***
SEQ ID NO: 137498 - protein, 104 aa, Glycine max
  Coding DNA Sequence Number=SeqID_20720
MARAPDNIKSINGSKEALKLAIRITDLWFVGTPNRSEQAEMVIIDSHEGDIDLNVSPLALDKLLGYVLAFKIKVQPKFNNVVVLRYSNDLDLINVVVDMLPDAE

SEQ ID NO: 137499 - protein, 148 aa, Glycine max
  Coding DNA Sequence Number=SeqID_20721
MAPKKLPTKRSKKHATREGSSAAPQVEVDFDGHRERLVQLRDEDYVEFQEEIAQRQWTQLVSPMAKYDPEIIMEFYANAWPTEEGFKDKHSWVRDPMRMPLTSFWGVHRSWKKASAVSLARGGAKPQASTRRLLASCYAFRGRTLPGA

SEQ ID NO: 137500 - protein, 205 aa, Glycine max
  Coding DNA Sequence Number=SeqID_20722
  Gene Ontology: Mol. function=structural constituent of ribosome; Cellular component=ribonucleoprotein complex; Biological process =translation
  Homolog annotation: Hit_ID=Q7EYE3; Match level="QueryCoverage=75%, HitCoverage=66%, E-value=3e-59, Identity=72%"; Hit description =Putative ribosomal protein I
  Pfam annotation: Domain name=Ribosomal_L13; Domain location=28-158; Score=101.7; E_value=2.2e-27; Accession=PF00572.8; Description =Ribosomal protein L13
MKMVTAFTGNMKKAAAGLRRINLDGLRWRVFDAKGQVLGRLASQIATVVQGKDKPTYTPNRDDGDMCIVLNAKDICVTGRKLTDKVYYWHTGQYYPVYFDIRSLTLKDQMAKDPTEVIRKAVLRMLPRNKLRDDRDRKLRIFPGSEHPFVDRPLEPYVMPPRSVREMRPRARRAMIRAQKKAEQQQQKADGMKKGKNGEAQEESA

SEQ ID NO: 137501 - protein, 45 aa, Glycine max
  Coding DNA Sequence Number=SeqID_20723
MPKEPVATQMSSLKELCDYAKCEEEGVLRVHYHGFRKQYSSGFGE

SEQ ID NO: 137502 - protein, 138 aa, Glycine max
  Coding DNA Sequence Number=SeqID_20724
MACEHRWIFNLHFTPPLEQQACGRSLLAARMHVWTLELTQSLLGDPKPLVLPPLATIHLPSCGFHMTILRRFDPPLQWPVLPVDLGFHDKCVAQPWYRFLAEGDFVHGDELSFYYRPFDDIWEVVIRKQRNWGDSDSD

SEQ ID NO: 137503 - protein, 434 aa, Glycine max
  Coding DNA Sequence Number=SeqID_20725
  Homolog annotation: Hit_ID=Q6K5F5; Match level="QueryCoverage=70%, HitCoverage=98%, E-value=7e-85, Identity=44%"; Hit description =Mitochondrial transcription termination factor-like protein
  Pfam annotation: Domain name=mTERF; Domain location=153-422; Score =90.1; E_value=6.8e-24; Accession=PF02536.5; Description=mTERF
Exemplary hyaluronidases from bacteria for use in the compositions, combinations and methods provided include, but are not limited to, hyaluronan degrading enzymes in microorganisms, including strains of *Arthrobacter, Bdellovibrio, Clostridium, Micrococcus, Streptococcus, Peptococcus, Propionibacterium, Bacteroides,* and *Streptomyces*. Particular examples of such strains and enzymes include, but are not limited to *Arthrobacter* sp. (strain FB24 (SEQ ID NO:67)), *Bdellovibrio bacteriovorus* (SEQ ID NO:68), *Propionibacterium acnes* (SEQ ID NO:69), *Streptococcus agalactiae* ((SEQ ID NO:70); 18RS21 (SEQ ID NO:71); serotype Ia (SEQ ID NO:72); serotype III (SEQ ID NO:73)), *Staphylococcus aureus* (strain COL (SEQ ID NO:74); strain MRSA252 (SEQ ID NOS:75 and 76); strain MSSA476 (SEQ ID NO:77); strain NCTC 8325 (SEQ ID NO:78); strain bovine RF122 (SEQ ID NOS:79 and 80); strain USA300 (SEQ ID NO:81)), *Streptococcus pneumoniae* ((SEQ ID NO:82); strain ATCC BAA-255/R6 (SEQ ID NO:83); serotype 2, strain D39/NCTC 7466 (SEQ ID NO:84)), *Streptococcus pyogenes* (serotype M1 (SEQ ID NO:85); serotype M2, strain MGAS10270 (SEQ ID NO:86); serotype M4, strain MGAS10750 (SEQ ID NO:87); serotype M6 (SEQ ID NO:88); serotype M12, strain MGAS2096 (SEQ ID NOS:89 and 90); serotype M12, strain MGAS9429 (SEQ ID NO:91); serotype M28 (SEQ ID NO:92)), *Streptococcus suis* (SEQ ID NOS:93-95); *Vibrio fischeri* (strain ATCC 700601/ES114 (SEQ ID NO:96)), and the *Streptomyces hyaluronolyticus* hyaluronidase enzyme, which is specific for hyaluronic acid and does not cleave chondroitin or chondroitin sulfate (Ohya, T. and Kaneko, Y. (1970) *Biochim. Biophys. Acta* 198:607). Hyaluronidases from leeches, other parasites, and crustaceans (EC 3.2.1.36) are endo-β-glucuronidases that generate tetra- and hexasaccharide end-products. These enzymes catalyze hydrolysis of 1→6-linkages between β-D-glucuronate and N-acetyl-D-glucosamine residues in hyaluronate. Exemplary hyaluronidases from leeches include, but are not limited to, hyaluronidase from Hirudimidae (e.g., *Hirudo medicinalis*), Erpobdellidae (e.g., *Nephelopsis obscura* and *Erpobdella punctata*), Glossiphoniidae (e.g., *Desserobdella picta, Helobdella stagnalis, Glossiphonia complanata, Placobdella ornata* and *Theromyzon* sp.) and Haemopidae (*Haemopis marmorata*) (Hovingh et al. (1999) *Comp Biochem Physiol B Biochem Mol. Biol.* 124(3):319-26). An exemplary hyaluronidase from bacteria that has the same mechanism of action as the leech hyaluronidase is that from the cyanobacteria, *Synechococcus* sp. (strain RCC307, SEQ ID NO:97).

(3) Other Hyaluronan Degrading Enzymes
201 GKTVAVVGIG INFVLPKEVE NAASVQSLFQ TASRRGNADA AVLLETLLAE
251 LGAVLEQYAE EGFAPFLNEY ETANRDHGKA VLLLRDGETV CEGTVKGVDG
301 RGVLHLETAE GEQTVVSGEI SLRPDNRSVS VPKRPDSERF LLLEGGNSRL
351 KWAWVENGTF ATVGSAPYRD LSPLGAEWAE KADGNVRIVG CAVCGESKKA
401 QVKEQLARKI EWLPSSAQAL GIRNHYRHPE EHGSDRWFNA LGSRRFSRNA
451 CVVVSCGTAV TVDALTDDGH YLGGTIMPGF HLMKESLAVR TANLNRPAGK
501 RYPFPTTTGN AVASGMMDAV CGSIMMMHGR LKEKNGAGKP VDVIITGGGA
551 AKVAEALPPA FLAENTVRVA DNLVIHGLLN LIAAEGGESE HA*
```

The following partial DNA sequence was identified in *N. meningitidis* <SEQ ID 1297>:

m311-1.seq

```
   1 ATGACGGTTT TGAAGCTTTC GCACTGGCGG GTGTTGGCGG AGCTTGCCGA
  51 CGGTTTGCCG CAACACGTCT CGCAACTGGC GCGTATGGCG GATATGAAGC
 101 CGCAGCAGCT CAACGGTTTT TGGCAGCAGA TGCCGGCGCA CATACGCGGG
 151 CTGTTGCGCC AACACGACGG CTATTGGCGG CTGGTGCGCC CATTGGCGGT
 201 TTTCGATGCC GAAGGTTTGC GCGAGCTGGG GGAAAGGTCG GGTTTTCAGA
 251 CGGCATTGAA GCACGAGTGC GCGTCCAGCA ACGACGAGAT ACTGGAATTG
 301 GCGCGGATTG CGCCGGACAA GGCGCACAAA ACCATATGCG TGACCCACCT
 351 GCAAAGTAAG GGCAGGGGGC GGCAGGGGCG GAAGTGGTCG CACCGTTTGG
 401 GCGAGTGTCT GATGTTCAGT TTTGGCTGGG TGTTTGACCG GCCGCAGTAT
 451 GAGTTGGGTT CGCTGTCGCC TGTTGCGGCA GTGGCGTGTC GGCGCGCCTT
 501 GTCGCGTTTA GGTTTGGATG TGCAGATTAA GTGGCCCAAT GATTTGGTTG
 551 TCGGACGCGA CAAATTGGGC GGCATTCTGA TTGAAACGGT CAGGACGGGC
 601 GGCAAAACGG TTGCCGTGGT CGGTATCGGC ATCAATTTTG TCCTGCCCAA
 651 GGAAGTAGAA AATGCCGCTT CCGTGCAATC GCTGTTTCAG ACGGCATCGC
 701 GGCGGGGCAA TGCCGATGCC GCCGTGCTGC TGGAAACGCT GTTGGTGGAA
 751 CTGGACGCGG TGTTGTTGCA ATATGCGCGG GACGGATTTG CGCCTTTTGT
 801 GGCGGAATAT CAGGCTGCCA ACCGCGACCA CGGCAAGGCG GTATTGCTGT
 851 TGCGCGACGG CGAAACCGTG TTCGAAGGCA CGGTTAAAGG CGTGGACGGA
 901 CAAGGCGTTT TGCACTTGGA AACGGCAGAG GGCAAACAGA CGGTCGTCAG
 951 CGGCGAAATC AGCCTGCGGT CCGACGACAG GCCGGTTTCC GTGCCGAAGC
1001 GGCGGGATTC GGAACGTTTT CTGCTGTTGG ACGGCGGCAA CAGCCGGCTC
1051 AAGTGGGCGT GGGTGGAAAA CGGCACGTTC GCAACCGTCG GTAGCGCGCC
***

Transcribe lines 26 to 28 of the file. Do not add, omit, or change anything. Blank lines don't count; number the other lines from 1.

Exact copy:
251 LGAVLEQYAE EGFAPFLNEY ETANRDHGKA VLLLRDGETV CEGTVKGVDG
301 RGVLHLETAE GEQTVVSGEI SLRPDNRSVS VPKRPDSERF LLLEGGNSRL
351 KWAWVENGTF ATVGSAPYRD LSPLGAEWAE KADGNVRIVG CAVCGESKKA